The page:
CRM Markt / Trendreport im kundenzentrierten Marketing 2018 / Bonusprogramme / MarTech-Markt / Datentrends / Unternehmen / Thema

The big ones get bigger, the little ones kick-part 2

CRM market power through Adobe Salesforce and Microsoft

This week’s CRM Tech World SMS provides two more examples of what Georg Blum described under the title “The big ones are getting bigger, the small ones are kicking”. Hence the subtitle: CRM market power through Adobe Salesforce and Microsoft.

Georg Blum referred to the CRM or MarTech market and the many cooperations as well as acquisitions and doubted that “a company always has to get bigger to be more successful”. He wrote that international policy makers were not concerned about this until the large corporations had emerged and were mostly unavoidable. The same now seems to have come true with regard to the EU’s General Data Protection Regulation (GDPR).

Google benefits from the DSGVO

According to a study by the German Trade Association, the implementation of the DSGVO has so far cost medium-sized retailers in Germany around 630 million euros. 60 percent of the companies estimated the implementation effort as very high or high and also 60 percent of the respondents had to call on external help. Around 40 percent are restricting their digital activities because of the GDPR.

On the other hand, Google is a beneficiary of the GDPR. A study of tracker penetration by Cliqz and Ghostery showed that smaller advertising trackers in particular have lost significant reach, which could serve as an indicator of market share. They lost between 18 and 31 percent. Facebook suffered a decline of just under 7 percent, and market leader Google even increased its reach slightly. In other words, the small ones are struggling and losing, while the big ones continue to grow or at least lose significantly less.

Biggest online stores grow the most

The second example that reinforces this statement comes from e-commerce. An analysis of the 1,000 largest online stores by EHI and Statista showed that it is primarily the large stores that are recording the strongest growth, while the sales growth of the smaller online retailers in the second half of the ranking of the top 1,000 online stores is tending to decline. At the same time, the activities of retailers on marketplaces such as Marketplace Amazon or Ebay are increasing – from which the platforms are primarily benefiting.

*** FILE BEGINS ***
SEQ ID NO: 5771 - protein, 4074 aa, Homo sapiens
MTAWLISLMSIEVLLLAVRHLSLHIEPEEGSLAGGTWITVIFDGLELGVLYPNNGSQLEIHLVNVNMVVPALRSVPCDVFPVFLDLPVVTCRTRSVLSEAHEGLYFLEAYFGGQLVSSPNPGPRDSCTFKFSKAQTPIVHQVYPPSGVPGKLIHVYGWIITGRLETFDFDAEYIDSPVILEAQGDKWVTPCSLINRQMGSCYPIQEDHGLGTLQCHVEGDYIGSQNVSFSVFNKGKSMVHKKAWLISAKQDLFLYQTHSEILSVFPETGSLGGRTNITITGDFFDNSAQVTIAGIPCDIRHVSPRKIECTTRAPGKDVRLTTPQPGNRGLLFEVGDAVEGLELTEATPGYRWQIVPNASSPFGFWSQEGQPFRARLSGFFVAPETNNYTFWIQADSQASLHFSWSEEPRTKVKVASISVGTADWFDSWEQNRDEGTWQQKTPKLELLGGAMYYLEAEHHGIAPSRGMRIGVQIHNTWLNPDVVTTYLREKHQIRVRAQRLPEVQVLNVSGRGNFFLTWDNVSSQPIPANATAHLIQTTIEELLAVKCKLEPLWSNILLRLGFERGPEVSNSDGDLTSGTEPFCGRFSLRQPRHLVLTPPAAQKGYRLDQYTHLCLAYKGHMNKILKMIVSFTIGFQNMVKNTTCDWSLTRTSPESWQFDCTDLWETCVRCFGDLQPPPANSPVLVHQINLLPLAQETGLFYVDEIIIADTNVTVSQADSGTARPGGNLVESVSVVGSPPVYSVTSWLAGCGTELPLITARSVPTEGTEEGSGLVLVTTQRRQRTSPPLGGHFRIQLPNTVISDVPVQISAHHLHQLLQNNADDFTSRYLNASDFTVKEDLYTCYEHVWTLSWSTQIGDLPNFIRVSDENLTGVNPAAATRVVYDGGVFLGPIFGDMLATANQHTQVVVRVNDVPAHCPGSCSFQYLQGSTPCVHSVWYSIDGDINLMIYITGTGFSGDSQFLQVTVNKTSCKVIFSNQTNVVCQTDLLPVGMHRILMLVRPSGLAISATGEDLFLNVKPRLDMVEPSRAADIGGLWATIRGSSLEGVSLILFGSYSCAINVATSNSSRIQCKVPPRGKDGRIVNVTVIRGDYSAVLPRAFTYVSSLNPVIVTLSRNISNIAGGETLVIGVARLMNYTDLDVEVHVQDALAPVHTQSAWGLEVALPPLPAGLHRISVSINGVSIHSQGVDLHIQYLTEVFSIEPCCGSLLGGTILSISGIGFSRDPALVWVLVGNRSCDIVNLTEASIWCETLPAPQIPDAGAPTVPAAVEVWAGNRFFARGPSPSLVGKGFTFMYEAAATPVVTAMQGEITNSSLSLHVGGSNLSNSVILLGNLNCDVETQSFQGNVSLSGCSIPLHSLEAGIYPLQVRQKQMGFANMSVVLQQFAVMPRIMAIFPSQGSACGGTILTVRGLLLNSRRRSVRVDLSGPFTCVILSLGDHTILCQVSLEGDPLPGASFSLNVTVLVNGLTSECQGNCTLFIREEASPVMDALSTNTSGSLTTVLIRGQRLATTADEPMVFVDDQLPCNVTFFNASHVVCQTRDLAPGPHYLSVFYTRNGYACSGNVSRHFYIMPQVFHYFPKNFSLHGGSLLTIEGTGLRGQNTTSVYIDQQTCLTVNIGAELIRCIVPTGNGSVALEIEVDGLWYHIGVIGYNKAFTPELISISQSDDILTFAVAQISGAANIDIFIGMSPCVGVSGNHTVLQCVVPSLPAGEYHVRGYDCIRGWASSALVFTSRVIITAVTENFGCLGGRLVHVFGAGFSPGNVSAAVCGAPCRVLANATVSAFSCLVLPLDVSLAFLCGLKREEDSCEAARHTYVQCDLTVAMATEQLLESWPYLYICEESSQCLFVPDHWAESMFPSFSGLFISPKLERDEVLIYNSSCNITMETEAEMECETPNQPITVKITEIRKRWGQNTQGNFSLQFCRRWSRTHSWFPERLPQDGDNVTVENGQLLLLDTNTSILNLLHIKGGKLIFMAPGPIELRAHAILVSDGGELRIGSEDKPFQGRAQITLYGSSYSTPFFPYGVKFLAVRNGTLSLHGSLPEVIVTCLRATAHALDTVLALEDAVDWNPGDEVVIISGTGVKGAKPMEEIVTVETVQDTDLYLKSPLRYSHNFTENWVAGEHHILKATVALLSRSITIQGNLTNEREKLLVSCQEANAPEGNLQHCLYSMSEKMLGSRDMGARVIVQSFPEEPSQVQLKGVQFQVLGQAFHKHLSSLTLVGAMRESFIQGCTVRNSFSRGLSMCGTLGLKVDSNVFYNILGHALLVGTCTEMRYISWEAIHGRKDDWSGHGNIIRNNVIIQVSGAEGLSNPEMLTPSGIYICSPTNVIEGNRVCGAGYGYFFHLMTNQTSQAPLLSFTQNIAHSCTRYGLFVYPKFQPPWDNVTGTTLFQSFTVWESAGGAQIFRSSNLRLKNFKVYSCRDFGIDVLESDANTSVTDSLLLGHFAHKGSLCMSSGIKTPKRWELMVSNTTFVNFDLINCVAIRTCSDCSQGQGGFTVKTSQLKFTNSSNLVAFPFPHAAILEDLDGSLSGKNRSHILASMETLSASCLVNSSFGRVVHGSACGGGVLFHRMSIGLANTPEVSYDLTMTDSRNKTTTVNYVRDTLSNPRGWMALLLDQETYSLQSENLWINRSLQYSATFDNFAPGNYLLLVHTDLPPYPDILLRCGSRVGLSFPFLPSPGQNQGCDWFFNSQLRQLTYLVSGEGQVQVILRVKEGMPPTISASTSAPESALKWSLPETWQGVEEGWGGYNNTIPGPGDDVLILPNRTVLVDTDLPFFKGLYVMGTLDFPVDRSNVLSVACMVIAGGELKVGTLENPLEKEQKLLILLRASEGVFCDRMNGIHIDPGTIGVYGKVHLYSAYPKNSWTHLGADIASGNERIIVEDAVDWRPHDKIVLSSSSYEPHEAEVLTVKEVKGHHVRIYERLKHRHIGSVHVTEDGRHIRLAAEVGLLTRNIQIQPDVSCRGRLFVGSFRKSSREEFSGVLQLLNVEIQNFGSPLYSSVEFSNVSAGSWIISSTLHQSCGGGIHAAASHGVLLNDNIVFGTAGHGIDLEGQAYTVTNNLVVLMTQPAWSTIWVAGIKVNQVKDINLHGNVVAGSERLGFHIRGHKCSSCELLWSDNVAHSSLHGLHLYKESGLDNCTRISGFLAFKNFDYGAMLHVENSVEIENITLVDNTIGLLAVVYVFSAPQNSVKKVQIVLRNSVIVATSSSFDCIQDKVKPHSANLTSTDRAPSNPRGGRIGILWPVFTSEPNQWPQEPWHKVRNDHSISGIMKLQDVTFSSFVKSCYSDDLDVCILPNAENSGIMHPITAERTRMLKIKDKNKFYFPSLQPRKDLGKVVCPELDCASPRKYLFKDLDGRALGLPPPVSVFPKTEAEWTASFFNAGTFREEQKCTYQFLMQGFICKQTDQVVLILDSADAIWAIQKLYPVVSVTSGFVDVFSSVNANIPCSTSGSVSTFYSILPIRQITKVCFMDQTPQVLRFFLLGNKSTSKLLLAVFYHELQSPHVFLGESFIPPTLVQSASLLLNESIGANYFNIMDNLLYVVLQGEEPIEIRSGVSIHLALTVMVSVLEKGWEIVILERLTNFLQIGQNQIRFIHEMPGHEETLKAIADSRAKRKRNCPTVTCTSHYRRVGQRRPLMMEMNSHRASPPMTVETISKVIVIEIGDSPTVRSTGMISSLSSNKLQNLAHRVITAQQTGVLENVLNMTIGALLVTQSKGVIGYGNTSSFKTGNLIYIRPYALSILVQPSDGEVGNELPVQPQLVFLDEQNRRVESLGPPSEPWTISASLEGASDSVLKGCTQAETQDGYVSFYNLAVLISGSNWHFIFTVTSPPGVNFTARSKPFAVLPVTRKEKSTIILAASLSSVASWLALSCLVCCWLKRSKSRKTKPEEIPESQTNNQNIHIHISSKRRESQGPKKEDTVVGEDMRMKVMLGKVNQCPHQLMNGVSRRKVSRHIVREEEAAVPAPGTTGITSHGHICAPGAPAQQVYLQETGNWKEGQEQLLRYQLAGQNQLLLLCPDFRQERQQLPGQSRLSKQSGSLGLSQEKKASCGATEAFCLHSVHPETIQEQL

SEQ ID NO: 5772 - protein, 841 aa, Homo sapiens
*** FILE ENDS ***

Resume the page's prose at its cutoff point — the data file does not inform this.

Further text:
Update as of 22.02.2021: The effect is intensified once again due to the Corona crisis.

From well-informed circles, one learns one or the other: e.g., that in e-commerce 30% growth for the “usual suspects” was easily possible. There are even companies that have grown by up to 50%, not in spite of Corona, but because of it.

CRM Market Power by Adobe Salesforce and Microsoft – The Natural Laws Behind the Development

This development is logical. As Cliqz explains in terms of GDPR, Google and other large AdTech companies have extensive resources to ensure compliance with all regulations. Smaller ad partners, on the other hand, are more likely to struggle to comply and prove it. Ergo, website operators prefer to part with smaller advertising partners to avoid risking penalties.

Incidentally, this effect is also known as the “winner-takes-it-all effect.” Success leads to more success, as Nils Warkentin wrote on Karrierebibel. Behind the phenomenon is the so-called “cumulative advantage.” Also interesting: “The best person doesn’t have such a big advantage because he was many times better than his competitors from the start.” Rather, it can be a small advantage at the beginning, but one that is used and built upon day after day, week after week, year after year.

However, ever greater growth, taken as a whole, is not an advantage. After all, size becomes unmanageable at some point. Monocultures develop, for example. As described in the article “The law of necessary diversity also applies to corporate cultures,” these often fall ill. In relation to ever-larger companies, this means: Whether in acquisitions or the legally compliant implementation of the GDPR – they are mostly concerned with themselves – less with the customers. And at some point, this “lame” company feels the pressure to change. It buys a small competitor from the market, integrates its product into its main product and then defines it as the standard.

CRM market power through Adobe Salesforce and Microsoft – Every individual must rethink

Many only realize their error in thinking when the damage, e.g. a system-relevant size, has been reached or occurred. But it could be so simple – assuming a rethink on the part of politicians and individuals. As Cliqz explains, many things could be done better with the ePrivacy Regulation. And: “Ultimately, users should never rely solely on laws and regulations such as the GDPR to protect their privacy. Instead, they should become active themselves and consciously pay attention to whom they make their data available to.”


Note: This is a machine translation. It is neither 100% complete nor 100% correct. We can therefore not guarantee the result.